“Looks like he’s starting to get a little bit better timing, just through some at-bats,” he said. “It’s been start and stop for him this year with spring training and then, unfortunately, the dive at Pawtucket, but a couple of hits here recently after the first 10 at-bats or so just trying to get in the flow of things, but there’s no restriction on games played or at-bats to be taken.”
If Castillo is to be in the mix in Boston, Farrell is looking for the same things he does with regards to all players looking to be called up: consistency and production.
OTHER RED SOX NOTES
|Why Red Sox’ first win with Blake Swihart behind plate meant so much to rookie||05.05.15 at 11:16 pm ET|
Catchers don’t get win and loss check marks next to their names after games, but Blake Swihart felt like he started his major league career with two L’s.
One of the Red Sox‘ top prospects, Swihart made his major league debut Saturday afternoon against the Yankees after Ryan Hanigan fractured his finger Friday night and the switch-hitter was summonsed to the big leagues.
“First one, after the game I was stressed out just because I wanted it so bad, and that is what it’s all about here is winning,” Swihart said. “I almost took it like it was my fault because I was back there catching because I want to do everything we can to win.”
After resting on Monday, Swihart went out and caught Rick Porcello Tuesday. Despite it being the first time the two had ever thrown to one another — spring training game, bullpen session, etc. — the two worked extremely well and Porcello tossed seven shutout innings, as the Red Sox snapped a four-game losing streak with a 2-0 win over the Rays.
“Getting that first one out of the way is very special,” Swihart said.
Porcello went seven shutout innings, while scattering eight hits, not issuing a walk and striking out six.
“It went great,” Swihart said. “The tempo of the game was awesome. The last few days we talked about a game plan that we wanted to do and we went out and executed and like I said, I am still learning these guys, so just trying to do everything I can to help them out.”
|Red Sox pregame notes: Luis Jimenez likely added to roster Monday, Shane Victorino’s return pushed back||05.03.15 at 6:17 pm ET|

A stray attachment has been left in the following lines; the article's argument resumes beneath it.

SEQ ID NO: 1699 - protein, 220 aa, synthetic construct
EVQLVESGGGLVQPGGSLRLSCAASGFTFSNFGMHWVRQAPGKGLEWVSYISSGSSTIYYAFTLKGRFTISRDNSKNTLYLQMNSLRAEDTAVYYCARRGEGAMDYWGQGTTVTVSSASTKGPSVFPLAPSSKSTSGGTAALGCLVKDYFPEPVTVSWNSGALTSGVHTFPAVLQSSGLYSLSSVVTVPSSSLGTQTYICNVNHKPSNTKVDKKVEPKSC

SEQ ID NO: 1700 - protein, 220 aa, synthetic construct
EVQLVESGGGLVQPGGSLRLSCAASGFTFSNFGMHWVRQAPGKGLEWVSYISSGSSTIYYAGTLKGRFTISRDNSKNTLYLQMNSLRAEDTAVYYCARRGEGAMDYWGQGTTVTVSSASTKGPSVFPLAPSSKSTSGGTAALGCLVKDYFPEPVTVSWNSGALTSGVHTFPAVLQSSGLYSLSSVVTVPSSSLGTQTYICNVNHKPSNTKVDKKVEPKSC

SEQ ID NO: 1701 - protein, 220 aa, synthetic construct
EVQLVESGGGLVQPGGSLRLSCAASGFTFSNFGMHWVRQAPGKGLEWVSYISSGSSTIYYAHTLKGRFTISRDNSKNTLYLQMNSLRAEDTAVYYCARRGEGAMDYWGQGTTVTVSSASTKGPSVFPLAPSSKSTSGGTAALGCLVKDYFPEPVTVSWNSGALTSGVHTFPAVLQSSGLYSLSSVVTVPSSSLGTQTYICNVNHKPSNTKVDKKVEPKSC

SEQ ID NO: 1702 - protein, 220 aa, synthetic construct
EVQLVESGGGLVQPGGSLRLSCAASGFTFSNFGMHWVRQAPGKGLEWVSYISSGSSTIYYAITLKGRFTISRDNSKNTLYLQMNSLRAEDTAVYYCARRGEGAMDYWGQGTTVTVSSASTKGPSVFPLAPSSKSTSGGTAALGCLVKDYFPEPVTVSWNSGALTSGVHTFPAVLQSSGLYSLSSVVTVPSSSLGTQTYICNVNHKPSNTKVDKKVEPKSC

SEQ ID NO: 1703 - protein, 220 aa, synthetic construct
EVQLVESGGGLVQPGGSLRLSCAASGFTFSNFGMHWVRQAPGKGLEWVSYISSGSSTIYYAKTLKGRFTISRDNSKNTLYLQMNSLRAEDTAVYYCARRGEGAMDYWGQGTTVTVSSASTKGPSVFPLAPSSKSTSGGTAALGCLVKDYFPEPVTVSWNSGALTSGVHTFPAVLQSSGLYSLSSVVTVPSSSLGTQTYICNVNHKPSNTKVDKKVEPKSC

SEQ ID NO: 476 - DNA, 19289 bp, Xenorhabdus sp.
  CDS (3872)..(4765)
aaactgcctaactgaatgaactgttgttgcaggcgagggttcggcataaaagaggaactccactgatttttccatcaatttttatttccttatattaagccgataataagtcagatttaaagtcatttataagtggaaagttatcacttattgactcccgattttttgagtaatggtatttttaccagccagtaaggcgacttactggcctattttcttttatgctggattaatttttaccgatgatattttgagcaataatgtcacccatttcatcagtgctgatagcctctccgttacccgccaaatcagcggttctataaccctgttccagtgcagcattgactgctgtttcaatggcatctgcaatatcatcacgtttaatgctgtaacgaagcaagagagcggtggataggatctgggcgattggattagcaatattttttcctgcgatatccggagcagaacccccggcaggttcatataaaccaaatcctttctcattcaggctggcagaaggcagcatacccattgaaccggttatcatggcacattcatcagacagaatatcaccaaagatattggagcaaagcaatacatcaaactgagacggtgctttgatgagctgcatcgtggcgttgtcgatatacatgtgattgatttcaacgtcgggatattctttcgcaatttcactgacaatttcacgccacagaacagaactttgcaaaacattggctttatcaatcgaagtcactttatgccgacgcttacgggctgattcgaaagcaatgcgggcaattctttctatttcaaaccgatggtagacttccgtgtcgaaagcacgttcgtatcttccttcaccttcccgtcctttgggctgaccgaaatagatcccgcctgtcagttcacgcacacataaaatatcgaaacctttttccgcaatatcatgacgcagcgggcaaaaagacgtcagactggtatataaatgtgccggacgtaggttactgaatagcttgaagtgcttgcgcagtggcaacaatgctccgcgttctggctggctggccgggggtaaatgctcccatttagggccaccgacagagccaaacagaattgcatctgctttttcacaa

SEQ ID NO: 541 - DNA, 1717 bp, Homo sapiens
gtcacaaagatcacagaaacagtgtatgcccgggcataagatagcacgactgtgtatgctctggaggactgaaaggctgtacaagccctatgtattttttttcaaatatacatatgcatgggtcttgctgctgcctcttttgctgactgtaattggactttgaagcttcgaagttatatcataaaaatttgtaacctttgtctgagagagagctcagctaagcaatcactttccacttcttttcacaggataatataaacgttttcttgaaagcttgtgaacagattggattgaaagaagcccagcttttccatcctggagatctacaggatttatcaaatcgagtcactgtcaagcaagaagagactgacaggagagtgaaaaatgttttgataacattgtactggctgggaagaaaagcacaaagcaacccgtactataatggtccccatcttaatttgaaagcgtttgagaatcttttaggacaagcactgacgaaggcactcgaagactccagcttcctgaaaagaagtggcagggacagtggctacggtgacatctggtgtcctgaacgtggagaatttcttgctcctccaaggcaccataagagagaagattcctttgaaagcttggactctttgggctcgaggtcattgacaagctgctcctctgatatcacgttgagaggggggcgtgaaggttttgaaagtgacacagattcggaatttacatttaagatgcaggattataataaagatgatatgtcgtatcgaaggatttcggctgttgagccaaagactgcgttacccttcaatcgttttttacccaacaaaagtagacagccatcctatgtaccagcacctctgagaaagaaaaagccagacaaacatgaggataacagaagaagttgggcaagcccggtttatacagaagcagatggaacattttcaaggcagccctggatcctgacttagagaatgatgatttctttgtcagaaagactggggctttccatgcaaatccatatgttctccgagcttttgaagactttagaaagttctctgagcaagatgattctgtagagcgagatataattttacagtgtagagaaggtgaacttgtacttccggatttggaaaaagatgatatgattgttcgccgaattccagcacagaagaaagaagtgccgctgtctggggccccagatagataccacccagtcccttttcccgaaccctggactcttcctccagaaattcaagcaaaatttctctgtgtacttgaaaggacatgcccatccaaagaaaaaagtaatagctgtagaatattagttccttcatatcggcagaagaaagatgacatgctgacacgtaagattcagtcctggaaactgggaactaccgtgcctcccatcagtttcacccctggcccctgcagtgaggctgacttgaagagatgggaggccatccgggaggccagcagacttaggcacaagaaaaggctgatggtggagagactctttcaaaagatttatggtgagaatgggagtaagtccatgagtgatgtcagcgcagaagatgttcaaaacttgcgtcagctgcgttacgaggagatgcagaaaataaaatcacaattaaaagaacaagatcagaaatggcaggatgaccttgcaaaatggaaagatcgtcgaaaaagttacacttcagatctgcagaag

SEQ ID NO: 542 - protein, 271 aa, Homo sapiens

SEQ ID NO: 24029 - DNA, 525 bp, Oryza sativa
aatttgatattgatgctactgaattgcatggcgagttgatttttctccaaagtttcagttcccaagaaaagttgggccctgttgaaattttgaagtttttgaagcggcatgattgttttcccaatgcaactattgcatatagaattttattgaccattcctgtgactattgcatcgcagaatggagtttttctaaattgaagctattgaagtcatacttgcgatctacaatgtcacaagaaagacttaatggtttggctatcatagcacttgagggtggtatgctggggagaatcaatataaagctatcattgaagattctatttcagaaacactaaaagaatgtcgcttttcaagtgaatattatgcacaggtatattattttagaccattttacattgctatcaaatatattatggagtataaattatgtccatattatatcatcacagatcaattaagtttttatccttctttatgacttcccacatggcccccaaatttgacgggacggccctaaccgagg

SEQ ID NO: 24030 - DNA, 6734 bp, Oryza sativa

After the Red Sox claimed infielder Luis Jimenez off waivers on Sunday, it’s likely the former Milwaukee Brewer gets added to the 25-man roster on Monday.
With Jimenez being added, the team would be able to get back to the standard 13 position players, with the corresponding move likely a pitcher.
“Right-handed utility guy that we like the defense particularly at third if that comes into play,” manager John Farrell said. “He’s also played some second, he’s played some first. Feel like he can play shortstop in a short look. it gives us some more flexibility with Brock [Holt] and Daniel Nava and hopefully the chance to get back to 13 position players.”
Jimenez appeared in 15 games for Milwaukee this season, going 1-for-15 with a run scored and a walk. Both of his starts came at third base (seven total games) and he also appeared defensively at second base once. He’s coming off a career year at Class AAA Salt Lake in 2014, hitting .286 with 21 home runs and 76 runs batted in.
Farrell added Pawtucket utility infielder Jeff Bianchi is coming off an injury, so the need for another utility infielder in the system was there.
With Jimenez added, Farrell noted one of the benefits is it gives Holt more opportunity in the outfield, not having to worry about backing up any of the infield positions.
“It gives us that flexibility, yes,” he said. “I can’t say that that’s the definite approach going forward, but at least it provides the opportunity or the option available.”
Shane Victorino (hamstring) is eligible to come off the disabled list Friday in Toronto, but that won’t happen. The team was never really considering that an option with the new turf and the reported affects of playing there.
He will likely rehab next weekend in Portland — Friday and Saturday for sure, with the possibility of Sunday as well.
“With the schedule both Pawtucket and Portland on the road, we’re probably going to push Vic’s live game at-bats back a little bit later in the week, but it will also allow us to ramp up the intensity and the volume over the next couple of days here at Fenway,” Farrell said. “There’s been a lot of discussion, what would be best, getting three at-bats in the DH role or really ramp up the volume. And we’re going to keep him here. It still allows us to look at the second leg of the road trip as an activation.
“We didn’t really have any thoughts of activating Vic in Toronto because of the turf and the reports of what’s affecting players’ legs and low back with the new turf up there. So we didn’t want to risk that. So that kind of points more toward Oakland provided there are no setbacks.”